More than 300 new laws are set to take effect on Jan. 1. Gwen Daniels, deputy director of Illinois Legal Aid Online (ILAO), the state’s largest non-profit online legal aid resource, has provided some perspective on some of the laws that could have most impact.
Will County Clerk Lauren Staley Ferry earlier this week accepted the first major piece of equipment to automate the Vote By Mail program in Will County. The high-speed, state-of-the-art EvoluJet Printer from BlueCrest has the capability of printing 2,200 ballots per hour. Specialists from BlueCrest and the manufacturer, Kyocera, were on hand to assemble the EvoluJet’s components and make the necessary adjustments to begin printing test ballots on location at the Will County Clerk’s Office. The EvoluJet Printer will be joined by two other major pieces of equipment: The high-speed Relia-Vote MSE Inserter will automate the assembly of Vote By Mail packets, and the Relia-Vote Vantage Sorter will streamline the sorting of Vote By Mail packets for outbound mailing and for organizing return ballots. These three machines will improve efficiency and accuracy across the entire Vote By Mail program. They also will save Will County taxpayers hundreds of thousands of dollars each election compared to the cost of assembling and processing Vote By Mail Ballots manually. Staley Ferry announced back in August that the Will County Board had unanimously approved $1.9 million in funding to purchase equipment to automate her office’s growing Vote By Mail program.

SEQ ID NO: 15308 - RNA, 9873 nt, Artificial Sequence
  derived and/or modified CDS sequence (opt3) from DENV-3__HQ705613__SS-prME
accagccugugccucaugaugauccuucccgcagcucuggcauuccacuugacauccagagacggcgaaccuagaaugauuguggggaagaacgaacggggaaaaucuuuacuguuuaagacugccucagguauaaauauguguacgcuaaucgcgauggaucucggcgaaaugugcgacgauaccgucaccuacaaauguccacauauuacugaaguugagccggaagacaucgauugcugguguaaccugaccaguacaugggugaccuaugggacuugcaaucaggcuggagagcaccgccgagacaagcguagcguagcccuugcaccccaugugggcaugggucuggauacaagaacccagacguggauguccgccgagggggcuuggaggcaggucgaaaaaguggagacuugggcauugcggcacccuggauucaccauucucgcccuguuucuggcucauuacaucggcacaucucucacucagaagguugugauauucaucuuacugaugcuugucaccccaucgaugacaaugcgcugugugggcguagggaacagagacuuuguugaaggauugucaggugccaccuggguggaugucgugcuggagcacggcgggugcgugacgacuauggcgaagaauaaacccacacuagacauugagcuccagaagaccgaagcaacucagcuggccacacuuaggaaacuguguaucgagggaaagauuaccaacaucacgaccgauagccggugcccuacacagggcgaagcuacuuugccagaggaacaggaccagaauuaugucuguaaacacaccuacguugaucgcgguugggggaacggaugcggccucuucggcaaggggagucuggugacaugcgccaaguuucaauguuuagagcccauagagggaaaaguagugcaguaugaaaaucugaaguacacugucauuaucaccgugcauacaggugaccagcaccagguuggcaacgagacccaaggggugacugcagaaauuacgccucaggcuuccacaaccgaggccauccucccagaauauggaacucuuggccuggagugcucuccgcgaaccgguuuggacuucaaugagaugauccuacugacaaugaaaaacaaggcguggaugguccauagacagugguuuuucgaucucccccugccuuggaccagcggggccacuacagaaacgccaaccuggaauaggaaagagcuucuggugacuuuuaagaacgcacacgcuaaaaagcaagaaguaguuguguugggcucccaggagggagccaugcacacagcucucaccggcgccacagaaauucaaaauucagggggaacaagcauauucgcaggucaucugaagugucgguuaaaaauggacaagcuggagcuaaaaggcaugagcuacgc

Leaving public office can be hard when it is a position that taught you so much about what it means to be an elected official. That, however, is exactly what Ken Harris, Will County Board member for District 4 in Bolingbrook since first elected to the position in December 2012, is about to do. Harris will resign his position effective Dec. 31. That’s because voters in his district last April elected him to be the next DuPage Township Assessor and per state statute and to comply with the assessment cycle, the elected township assessor must take office in January. A Will County Board member cannot hold the position as assessor simultaneously. Still, Harris says he will miss being on the Will County Board. “I loved the County Board and the committee meetings where it all comes together. It was a pleasure to discuss and vote on Will County matters, and there was nothing like seeing (pre-COVID) the committee room or County Board room filled to near capacity,” Harris recalled. “Residents, county officials, employees, department heads and others are all generally concerned about the county.”
Despite desperate calls from residents of mostly neighboring communities – many destined to be impacted by the 2,100-plus acre proposed warehouse development – Compass Business Park has received the stamp of approval from the Joliet City Council. For nearly two hours on Tuesday night, the City Council heard from Jackson Township property owners, Elwood and Manhattan residents, other concerned property owners, attorneys representing Stop North Point and Midewin National Tallgrass Prairie, and officials from both Jackson Township and Elwood.
Despite desperate calls from residents of mostly neighboring communities – many destined to be impacted by the 2,100-plus acre proposed warehouse development – Compass Business Park has received the stamp of approval from the Joliet City Council.
Joliet Junior College and SHIELD Illinois will hold a Holiday COVID-19 Screening on Tuesday, Dec. 21 from 9 a.m. to noon. The screenings take place in Lower J-Building at Main Campus, 1215 Houbolt Road.
A plan to bring a largescale truck stop to the southwest corner of Interstate I-80 and Briggs Street in Joliet remains tied up in court despite it being previously approved in 2018 by the City Council – albeit by a somewhat slim majority vote at the time.